Document 5D: Statement of Karen Nielsen, Statewide Coordinator for Volunteer Advocates for Victims of Domestic Violence, Salt Lake City, Utah, Senate Hearing 103-726, 13 April 1993. Hearing Before the Committee on the Judiciary, United States Senate, 103rd Congress, First Session on The Problems of Violence Against Women in Utah and Current Remedies, Salt Lake City, Utah. Serial No. J-103-11.
STATEMENT OF KAREN NIELSEN
Ms. NIELSEN. Thank you, Senator Hatch and distinguished peers, for this opportunity to address domestic violence. Without having an opportunity to understand the complex problems of domestic violence and violence against women, any attempt at rectifying the situations which emerge from this horror will be mere "bandaid solutions." In order to begin a dialog on solutions, we must confront the insidious sources of violence in America, respond proactively against violence as a system, and reeducate our children toward nonviolent means of expression.
I would like to submit to the Senate at a later date a more detailed comparison and contrast of Mr. Biden's and Mr. Hatch's bills. In my brief exploration of these bills, I observed that the Hatch bill omitted important civil rights issues addressing the root of the problem of violence against women and replaced this focus with heavier punishment levied on the perpetrators of domestic violence and sexual assault.
[The comparison and contrast paper follows:]
THE ROLE OF THE OFFICE OF SOCIAL SERVICES IN THE COORDINATION AND PROVISION OF DOMESTIC VIOLENCE SERVICES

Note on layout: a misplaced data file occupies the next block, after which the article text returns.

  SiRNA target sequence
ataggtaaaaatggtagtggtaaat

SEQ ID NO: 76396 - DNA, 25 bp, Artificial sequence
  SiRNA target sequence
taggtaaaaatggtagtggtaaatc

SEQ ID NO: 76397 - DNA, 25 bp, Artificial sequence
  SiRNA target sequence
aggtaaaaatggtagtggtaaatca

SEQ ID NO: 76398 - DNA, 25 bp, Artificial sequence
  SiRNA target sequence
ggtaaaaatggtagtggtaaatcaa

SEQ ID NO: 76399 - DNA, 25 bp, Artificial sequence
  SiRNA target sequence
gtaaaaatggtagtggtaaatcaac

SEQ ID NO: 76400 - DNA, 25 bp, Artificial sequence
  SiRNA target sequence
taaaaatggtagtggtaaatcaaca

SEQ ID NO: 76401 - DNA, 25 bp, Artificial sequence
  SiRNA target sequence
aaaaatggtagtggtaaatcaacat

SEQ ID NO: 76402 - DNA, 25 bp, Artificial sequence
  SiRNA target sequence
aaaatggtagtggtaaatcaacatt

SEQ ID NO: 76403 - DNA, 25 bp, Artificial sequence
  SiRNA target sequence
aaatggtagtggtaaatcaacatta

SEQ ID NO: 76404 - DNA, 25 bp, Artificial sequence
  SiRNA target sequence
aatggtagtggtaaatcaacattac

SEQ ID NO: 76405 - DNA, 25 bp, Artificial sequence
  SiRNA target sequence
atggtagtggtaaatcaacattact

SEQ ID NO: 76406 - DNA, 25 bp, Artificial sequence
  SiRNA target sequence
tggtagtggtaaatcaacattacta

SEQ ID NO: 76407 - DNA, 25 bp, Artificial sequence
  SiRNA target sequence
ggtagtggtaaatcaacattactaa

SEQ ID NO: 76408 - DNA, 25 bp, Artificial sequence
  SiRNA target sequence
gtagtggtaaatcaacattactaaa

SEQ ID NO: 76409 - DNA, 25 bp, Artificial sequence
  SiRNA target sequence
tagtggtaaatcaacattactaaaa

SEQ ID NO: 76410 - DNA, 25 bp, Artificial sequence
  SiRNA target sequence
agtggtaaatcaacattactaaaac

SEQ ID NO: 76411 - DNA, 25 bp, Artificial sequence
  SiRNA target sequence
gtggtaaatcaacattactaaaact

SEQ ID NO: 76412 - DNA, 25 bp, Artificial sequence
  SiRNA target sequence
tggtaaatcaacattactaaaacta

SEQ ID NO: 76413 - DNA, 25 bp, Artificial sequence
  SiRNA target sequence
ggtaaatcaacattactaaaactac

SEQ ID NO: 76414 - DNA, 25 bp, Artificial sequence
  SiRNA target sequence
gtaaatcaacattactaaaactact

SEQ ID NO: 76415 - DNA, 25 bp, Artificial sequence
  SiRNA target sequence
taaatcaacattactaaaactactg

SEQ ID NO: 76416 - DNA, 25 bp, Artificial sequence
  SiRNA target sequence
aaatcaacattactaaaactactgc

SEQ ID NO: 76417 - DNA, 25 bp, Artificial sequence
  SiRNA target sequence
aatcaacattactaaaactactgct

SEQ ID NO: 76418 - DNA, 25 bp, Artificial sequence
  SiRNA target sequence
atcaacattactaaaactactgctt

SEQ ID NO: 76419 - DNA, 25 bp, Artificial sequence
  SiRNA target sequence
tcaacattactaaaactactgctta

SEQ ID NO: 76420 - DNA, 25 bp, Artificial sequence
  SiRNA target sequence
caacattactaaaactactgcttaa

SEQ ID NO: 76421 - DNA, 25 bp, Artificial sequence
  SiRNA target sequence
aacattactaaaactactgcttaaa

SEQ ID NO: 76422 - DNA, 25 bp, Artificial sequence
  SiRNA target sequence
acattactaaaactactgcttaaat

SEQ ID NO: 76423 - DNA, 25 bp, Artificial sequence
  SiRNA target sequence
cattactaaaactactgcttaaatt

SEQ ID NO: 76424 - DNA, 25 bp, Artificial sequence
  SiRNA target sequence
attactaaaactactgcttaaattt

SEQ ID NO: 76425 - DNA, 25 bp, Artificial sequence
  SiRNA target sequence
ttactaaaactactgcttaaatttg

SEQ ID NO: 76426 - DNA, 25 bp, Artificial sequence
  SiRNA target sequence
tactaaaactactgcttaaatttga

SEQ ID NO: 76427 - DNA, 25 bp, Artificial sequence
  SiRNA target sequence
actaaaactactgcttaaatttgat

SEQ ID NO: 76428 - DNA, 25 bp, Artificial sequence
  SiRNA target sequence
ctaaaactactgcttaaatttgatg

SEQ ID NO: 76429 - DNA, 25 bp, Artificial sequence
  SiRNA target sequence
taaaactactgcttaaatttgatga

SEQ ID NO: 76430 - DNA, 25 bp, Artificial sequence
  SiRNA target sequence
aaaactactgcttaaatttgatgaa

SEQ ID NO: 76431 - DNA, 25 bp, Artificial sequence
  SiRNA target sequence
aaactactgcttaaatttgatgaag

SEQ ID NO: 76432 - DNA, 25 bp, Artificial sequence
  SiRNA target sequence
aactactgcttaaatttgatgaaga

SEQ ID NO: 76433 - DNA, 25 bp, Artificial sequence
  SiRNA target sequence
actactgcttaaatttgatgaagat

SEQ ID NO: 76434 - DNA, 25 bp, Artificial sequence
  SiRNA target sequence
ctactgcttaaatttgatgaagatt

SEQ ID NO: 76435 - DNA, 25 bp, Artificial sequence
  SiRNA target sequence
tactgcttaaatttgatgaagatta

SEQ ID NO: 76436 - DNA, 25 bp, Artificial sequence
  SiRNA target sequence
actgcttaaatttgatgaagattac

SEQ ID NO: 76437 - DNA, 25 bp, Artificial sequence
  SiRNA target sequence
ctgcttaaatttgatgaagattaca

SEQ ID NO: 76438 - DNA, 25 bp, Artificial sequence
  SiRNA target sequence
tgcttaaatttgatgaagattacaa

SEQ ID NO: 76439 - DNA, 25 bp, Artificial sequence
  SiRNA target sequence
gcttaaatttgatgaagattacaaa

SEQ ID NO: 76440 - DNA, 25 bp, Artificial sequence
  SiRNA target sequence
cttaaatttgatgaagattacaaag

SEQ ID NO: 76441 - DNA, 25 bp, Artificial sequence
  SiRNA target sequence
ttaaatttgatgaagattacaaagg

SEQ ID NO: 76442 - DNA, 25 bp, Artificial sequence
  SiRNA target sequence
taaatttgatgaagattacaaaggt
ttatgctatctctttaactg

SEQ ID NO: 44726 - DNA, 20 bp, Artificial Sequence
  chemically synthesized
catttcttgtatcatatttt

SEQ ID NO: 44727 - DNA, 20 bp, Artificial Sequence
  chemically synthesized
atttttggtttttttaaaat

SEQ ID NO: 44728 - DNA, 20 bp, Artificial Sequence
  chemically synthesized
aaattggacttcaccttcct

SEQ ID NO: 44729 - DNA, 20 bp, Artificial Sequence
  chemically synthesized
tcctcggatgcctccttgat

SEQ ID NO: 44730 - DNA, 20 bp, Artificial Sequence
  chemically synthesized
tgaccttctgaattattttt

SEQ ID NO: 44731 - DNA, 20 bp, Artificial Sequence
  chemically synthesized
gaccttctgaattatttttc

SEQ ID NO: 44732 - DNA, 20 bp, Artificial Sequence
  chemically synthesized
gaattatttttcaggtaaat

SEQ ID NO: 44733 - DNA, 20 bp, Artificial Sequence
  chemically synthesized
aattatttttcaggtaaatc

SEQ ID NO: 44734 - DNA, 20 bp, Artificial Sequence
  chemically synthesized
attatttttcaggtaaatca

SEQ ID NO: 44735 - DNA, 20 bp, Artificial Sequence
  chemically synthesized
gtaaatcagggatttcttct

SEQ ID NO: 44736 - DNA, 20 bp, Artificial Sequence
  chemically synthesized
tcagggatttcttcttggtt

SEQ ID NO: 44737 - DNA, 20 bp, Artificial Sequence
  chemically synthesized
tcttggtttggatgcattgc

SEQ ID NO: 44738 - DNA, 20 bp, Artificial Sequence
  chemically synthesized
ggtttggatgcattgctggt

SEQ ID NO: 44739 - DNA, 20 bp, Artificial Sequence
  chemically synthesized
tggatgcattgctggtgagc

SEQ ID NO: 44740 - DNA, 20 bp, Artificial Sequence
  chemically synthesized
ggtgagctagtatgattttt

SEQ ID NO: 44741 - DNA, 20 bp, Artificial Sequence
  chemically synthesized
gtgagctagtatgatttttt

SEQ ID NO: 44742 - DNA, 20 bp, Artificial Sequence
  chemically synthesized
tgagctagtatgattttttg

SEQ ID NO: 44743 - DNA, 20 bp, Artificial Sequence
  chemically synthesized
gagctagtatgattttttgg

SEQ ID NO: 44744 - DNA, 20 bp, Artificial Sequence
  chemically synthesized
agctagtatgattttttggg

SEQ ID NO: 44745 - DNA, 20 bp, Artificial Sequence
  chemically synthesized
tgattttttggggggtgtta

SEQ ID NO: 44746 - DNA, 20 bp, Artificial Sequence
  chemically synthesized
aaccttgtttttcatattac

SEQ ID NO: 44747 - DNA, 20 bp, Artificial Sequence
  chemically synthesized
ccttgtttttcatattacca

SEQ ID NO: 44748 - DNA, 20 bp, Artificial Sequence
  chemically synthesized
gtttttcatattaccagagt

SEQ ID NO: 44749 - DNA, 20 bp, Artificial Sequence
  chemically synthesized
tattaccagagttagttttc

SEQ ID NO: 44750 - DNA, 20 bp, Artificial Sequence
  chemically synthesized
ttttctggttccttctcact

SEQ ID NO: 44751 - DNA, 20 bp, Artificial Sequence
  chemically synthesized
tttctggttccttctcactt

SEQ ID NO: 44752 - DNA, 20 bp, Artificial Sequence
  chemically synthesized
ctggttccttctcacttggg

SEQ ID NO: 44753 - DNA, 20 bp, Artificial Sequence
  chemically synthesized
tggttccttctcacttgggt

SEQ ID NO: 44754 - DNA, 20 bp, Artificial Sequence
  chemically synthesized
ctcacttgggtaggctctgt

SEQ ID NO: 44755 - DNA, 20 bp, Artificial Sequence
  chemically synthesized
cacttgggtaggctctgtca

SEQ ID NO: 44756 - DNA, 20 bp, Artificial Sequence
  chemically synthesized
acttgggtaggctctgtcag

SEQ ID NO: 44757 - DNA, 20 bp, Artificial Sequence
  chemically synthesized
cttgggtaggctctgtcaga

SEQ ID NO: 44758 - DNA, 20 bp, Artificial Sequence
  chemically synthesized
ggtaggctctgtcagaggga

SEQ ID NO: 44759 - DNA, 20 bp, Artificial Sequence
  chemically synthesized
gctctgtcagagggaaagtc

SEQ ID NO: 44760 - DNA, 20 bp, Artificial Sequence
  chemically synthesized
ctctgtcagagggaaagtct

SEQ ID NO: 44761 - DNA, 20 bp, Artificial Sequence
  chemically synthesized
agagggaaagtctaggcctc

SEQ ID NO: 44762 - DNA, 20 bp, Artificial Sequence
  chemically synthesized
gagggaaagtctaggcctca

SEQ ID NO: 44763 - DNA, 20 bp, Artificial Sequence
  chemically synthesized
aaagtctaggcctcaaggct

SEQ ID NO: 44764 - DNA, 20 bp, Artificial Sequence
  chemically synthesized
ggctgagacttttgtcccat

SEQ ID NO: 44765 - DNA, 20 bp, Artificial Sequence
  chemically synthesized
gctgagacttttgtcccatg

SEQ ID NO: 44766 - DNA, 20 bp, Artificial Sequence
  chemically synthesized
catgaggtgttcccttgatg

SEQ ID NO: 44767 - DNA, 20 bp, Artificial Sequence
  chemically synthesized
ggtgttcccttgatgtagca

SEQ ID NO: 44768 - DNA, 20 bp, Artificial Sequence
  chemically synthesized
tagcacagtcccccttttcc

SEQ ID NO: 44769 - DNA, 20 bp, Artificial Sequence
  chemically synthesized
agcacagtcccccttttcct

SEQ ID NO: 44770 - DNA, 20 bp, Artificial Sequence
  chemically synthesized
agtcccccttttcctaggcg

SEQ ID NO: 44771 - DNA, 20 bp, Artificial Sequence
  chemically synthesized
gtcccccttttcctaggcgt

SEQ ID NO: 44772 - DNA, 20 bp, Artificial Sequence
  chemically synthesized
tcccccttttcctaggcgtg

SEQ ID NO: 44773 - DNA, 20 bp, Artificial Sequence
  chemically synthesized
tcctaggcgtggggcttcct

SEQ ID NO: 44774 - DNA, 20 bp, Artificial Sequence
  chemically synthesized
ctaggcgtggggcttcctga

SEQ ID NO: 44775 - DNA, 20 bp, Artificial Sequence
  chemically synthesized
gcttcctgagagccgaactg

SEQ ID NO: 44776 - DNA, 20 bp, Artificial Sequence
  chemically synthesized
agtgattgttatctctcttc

This paper has been prepared by the OSS Domestic Violence Steering Committee to present the components of an effective violence treatment network and to outline a blueprint of service that Office of Social Services regions can follow in helping develop each local community's response to domestic violence.
The role of the Office of Social Services in the delivery of domestic violence services has evolved differently in each of the four regions of the state, and even quite differently within each region. Some regions have developed staff positions to provide most resources on victim services while others have focused more attention on perpetrators services. Some areas of the State have efffective local coalitions or volunteer advocate programs, while others have yet to develop those resources.
The Office of Social Services (DFS) has been mandated by the State Legislature as the lead agency in coordinating domestic violence services.
Likewise, with perpetrator treatment contracts all moving to the open ended format next year, OSS is responsible to be the referral point for court ordered perpetrator treatment services.
Please note the figure on page 3, which outlines the following basic components of a domestic violence service network:
1. The Office of Social Services coordinates the development of a Local Domestic Violence Coalition that includes law enforcement, prosecution, court personnel, legal aid, perpetrator treatment providers, shelter/victim treatment providers, medical care staff, volunteer advocates, and other appropriate community members. This coalition coordinates services and assures that the domestic violence treatment components are in place in each community.
2. Components of effective victim treatment include the following services that may be provided by OSS staff, OSS contracted providers, other agencies or volunteer advocates:
- Public education and prevention services including TV, newspaper, radio, presentations to schools, churches, local civic clubs, public service agencies, etc.
- Sensitive and consistent law enforcement response to victims (trained in DV dynamics).
- Volunteer advocate services to assist victims in obtaining needed protective orders, connection to self sufficiency services, etc.
- Emergency Medical Services (aware of DV dynamics).
- Available, on site, crisis counseling for victims.
- Shelter services to protect victims and their dependents.
- Assessment for and referral to child abuse or neglectwhen indicated (usually in about 50 percent of cases).
- Assistance in obtaining protective order.